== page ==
How to recreate the border of this sign?

Hi Everyone… first post, please be kind.

I’ve had my Shapeoko XXL for a little while but still feel I am very much a novice. I’ve done some work for friends and have had good success using Carbide Create for basic signs and engraving. My first challenge has arrived. I’ve been given the image of this stall name plate. The barn owner needs another thirty or so but wants them to have the same border. The person that made the originals for him is long gone. I offered to help… get paid for work… all that jazz.

The border is proving difficult to replicate in Carbide Create. I was thinking v-carve it with my 90 degree bit and the simulation looks close. However, the edges in the original are almost more mellon baller like. The vee bit puts in to uniform of an angle.

I’ve ordered a couple ball end mills (#202) to try, but thought I’d try the brain trust here in the forums first.

Ideas? I’ve included my c2d file for a horse named Bubbles.

Thanks for any pointers you all can provide!

bubbles nameplate.c2d (828.5 KB)

You have two options on this:

  • use a ball-nosed endmill with a sufficient radius to cut this (looks like you’d need a 1/2" or larger)
  • model it in 3D using the new Pro modeling features

For the latter I have a tutorial for a similar shape which addresses this sort of thing at:

In CC406 Carbide Create adds the option of 3D features in a new “Pro” license. Currently available as an open beta for testing at: (see: for the initial announcement and consider checking out a beta if available)

To activate the features see:
and — creating an account will allow a free trial. “This trial is fully functional … so you can generate G-Code and try a full project.”
See: Carbide Create Pro - First Look for some more details.

A video tutorial at: Starting with 2.5 d carving and see Vcarve pro wide flutes for a decorative 3D design.

Pricing discussion for the “Pro” license (the base functionality will remain free): Carbide Create Pro- What do you want to see?

Thanks for the quick reply!

I’ll look down the Pro path you mention. That seems like a good long term strategy.

I was also looking at the Amana Tool 45924. It’s 1/2", but they have 3/4" and 1" as well. That seems to fall to the #1 option you mention. Cost of the end mill isn’t so bad compared to potential (and repeatable) business opportunities.

@damionj Welcome!

On your scalloped edge, you’re going to have to do a little math to figure out how to make those corner scallops come out just right. That will be an improvement over the manual routing that the original was done with.

Have you found that exact font? I think I’ve run across it … somewhere.

In my short career with the Shapeoko, I’ve already run across an individual that didn’t like my “improvements” to the sign they wanted duplicated / updated. The improvements were that the sign came out mathematically correct! :smiley:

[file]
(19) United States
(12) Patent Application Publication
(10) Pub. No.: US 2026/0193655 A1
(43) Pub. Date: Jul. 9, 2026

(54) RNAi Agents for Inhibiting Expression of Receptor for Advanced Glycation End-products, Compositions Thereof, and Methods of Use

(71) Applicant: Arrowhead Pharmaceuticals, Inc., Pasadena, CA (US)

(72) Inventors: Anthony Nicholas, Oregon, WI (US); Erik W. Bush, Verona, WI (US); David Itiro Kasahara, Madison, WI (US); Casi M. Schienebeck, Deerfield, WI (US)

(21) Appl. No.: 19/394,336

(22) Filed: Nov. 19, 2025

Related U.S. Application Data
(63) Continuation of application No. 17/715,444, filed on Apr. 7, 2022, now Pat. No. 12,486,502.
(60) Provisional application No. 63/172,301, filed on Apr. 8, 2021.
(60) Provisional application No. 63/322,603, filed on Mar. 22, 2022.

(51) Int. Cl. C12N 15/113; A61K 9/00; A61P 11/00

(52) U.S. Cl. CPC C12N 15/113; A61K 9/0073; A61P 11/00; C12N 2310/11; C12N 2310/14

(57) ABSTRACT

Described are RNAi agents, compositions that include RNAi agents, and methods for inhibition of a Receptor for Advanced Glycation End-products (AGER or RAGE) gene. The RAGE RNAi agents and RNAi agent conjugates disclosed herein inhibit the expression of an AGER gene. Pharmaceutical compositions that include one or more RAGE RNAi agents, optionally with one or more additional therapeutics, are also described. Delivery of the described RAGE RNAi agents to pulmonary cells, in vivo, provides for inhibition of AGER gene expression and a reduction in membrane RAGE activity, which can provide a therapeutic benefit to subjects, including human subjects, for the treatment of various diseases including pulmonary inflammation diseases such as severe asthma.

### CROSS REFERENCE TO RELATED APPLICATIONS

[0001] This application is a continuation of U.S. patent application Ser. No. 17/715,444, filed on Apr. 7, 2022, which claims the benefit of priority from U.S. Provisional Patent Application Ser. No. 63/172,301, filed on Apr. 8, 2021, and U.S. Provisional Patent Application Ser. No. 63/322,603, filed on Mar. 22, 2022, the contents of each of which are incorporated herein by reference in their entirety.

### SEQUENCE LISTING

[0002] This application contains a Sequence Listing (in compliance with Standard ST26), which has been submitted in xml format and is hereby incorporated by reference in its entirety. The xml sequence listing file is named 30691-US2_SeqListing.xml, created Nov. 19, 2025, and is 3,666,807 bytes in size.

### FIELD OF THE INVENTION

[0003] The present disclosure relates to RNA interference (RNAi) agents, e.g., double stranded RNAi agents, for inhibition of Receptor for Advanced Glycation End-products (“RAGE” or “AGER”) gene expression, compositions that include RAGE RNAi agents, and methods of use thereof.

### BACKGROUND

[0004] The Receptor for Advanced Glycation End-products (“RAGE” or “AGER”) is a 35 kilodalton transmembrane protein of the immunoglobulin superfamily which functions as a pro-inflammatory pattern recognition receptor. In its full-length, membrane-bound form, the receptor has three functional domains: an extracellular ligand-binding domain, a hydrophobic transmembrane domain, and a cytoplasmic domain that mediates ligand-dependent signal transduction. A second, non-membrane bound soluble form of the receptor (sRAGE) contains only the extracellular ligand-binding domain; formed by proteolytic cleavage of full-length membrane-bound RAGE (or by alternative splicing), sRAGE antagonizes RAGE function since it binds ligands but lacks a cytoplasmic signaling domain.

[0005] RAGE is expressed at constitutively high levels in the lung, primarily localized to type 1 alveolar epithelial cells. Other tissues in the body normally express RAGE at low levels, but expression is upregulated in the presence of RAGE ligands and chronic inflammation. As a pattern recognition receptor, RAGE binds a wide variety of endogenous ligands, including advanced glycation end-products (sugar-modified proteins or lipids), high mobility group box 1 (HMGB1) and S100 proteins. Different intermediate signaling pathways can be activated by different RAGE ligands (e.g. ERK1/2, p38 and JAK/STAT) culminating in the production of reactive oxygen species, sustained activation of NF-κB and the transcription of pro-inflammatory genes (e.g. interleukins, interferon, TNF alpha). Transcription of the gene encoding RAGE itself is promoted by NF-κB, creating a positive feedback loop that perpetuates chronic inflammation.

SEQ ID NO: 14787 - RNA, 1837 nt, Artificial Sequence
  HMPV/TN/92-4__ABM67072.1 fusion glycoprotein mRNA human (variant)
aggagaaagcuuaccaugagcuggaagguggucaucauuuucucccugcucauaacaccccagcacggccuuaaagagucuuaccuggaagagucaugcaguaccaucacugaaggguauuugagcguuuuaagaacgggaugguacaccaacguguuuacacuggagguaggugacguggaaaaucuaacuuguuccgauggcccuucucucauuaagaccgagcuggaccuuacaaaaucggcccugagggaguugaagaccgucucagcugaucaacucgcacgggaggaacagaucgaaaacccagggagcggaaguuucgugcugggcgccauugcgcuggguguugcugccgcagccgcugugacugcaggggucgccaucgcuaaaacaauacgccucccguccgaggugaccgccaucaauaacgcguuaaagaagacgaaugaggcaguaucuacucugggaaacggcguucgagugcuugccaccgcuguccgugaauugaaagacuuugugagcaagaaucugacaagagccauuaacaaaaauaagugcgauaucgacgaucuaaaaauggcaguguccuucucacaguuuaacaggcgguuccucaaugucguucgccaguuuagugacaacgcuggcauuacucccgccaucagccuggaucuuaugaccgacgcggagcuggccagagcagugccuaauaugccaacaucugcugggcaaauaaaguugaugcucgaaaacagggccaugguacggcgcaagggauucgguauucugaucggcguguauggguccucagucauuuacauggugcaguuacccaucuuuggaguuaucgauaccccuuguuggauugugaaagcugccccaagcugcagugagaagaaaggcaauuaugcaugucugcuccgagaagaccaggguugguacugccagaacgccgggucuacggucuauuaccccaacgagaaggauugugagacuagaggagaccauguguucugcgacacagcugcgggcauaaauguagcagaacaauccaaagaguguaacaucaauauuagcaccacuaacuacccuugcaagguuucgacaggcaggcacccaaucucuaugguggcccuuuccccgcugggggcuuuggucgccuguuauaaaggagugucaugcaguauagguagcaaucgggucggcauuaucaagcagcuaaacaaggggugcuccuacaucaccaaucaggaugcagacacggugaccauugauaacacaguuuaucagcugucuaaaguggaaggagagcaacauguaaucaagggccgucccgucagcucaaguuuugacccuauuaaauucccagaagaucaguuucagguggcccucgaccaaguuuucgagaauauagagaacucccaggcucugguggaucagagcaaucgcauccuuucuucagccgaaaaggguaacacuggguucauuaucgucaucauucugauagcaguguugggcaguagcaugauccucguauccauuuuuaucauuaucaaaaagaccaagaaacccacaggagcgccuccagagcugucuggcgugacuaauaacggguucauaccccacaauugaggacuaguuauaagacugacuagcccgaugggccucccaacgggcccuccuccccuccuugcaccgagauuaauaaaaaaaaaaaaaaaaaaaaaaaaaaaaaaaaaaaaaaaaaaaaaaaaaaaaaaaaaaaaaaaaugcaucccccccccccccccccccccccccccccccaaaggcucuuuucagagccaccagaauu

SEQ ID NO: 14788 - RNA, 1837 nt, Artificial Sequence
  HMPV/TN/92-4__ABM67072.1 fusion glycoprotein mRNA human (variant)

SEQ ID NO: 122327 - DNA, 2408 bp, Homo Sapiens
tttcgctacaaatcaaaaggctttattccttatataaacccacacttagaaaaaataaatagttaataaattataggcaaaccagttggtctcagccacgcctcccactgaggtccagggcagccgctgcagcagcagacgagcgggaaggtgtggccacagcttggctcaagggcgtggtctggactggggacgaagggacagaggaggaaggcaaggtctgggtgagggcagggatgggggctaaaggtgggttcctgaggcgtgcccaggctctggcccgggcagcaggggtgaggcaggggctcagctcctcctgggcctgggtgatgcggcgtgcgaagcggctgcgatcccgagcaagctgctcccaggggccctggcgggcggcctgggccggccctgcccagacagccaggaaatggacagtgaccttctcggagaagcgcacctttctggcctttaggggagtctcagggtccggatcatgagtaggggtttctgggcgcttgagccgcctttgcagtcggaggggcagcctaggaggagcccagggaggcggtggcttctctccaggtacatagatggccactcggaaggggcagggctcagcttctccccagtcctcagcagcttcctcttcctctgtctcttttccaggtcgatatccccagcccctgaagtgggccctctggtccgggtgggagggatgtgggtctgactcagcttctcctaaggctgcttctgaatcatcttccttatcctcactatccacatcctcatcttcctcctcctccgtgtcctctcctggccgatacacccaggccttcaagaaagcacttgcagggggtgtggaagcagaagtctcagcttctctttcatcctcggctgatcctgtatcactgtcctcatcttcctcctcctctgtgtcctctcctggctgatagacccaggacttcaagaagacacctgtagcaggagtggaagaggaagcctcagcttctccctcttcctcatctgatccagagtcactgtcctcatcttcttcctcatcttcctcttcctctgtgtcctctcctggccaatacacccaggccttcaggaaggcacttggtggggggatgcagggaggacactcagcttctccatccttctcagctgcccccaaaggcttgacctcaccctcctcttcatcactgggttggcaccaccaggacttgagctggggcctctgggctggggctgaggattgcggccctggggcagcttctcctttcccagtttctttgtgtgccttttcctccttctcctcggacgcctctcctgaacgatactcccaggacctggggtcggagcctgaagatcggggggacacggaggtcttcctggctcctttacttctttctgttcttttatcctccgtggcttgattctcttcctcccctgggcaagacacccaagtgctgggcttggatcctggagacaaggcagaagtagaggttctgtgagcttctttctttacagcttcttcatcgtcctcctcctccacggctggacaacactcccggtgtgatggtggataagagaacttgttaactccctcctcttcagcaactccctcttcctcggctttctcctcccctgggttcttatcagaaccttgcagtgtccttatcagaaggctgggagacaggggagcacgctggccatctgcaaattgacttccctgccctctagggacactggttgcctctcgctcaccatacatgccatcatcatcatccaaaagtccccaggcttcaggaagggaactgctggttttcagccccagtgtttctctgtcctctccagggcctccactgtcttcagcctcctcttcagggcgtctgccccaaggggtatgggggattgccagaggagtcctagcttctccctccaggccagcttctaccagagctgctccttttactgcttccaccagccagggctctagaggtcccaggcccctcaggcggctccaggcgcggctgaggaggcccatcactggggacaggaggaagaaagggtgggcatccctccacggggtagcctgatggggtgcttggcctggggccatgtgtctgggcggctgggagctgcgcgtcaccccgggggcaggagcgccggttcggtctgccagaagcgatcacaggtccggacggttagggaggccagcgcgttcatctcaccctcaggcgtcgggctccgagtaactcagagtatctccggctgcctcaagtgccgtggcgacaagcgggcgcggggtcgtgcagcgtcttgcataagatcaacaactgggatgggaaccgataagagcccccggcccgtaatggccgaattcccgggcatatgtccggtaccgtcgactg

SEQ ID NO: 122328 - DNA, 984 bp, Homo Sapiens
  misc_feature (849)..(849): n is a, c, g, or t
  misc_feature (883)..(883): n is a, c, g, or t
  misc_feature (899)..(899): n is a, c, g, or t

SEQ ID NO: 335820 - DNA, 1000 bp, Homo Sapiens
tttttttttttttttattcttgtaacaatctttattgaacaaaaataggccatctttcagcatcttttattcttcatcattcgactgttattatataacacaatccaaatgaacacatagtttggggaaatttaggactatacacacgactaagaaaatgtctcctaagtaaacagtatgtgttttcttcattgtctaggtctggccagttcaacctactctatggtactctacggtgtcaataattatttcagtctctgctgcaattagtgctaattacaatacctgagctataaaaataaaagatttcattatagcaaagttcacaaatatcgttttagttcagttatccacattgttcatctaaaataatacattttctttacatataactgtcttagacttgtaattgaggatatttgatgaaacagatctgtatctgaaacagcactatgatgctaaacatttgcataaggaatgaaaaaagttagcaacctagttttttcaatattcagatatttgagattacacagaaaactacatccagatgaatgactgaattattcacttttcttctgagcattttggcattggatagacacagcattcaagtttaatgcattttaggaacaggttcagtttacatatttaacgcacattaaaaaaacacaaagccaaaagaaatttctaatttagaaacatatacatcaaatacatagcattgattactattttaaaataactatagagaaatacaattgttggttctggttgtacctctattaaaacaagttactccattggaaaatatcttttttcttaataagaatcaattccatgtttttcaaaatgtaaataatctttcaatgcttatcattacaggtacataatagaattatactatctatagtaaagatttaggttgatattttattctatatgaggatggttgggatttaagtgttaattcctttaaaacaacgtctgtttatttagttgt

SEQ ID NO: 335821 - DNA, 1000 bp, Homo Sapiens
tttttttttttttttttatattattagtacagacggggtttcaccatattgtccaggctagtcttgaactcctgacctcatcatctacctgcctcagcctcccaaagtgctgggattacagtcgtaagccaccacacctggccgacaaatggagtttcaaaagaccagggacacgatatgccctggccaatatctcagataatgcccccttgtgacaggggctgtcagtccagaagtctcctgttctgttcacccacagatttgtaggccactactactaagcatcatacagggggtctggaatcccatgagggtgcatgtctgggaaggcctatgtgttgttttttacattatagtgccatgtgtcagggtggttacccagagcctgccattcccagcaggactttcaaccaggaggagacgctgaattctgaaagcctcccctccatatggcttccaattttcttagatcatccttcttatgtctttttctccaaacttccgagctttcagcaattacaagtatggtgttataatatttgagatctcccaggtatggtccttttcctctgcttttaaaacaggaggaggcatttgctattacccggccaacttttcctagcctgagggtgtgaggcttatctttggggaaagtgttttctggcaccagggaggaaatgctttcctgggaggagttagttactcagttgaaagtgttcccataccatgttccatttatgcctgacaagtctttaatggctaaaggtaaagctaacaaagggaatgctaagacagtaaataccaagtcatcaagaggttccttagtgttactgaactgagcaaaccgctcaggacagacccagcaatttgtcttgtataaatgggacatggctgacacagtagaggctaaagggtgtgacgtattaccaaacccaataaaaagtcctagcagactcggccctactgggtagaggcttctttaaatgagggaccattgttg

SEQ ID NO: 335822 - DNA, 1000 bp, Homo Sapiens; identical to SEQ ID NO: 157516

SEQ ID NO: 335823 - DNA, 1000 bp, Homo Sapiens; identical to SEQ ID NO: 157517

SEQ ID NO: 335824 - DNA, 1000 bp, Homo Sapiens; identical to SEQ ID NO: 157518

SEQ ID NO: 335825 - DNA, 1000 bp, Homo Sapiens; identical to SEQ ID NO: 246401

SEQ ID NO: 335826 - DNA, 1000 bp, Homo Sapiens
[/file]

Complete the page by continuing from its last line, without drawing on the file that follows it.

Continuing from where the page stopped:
The font in question was probably done with a router template.

For similar things, see Adobe’s Wood Type series:

@WillAdams There isn’t much there at that link.

My apologies.


There’s a wonderful sample booklet (I have one, since I used to spend way too much money on type) but not sure if it’s available as a PDF.

I had some moments and found these in the list:

These samples kind of indicate where the matching problem will be.

You may have to “roll yer own” font by coming back over a font you find, and put those little “bubbles” on top of them at strategic points to mimic that router font.


I had to buy a larger radius ball nose for a texture I was trying to do a while back. I wasn’t sure of the exact radius I wanted so I end up buying these:

(ditch the bearings) They were easy on the wallet and have held up well.


Just a thought…

But where is the fun in that? :grin::wink:


FOR YOUR FONT - You might try this out.

There is a font on myfonts whatthefont that is very similar, except for some weird lines in the characters. Artists!!!

Navigator Bold

Handtools?! You mean like a caveman? Not to say I don’t have a selection of rasps in various radii… I may have completely forgotten about them. Sometimes five minutes with a rasp is what a project needs.


Wow. That’s a good price for four bits. I’d have to play with how to do overlapping tool paths, then hit it with a rasp for any ridges.

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About the precision… I was thinking about that. I’ll have to go back and see how other name plates look. I only have the one picture. I’ll have to grab photos of all the existing name plates as well.

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try this

I used 1" 90 degree v bitedge (23.8 KB) may be a base to start from

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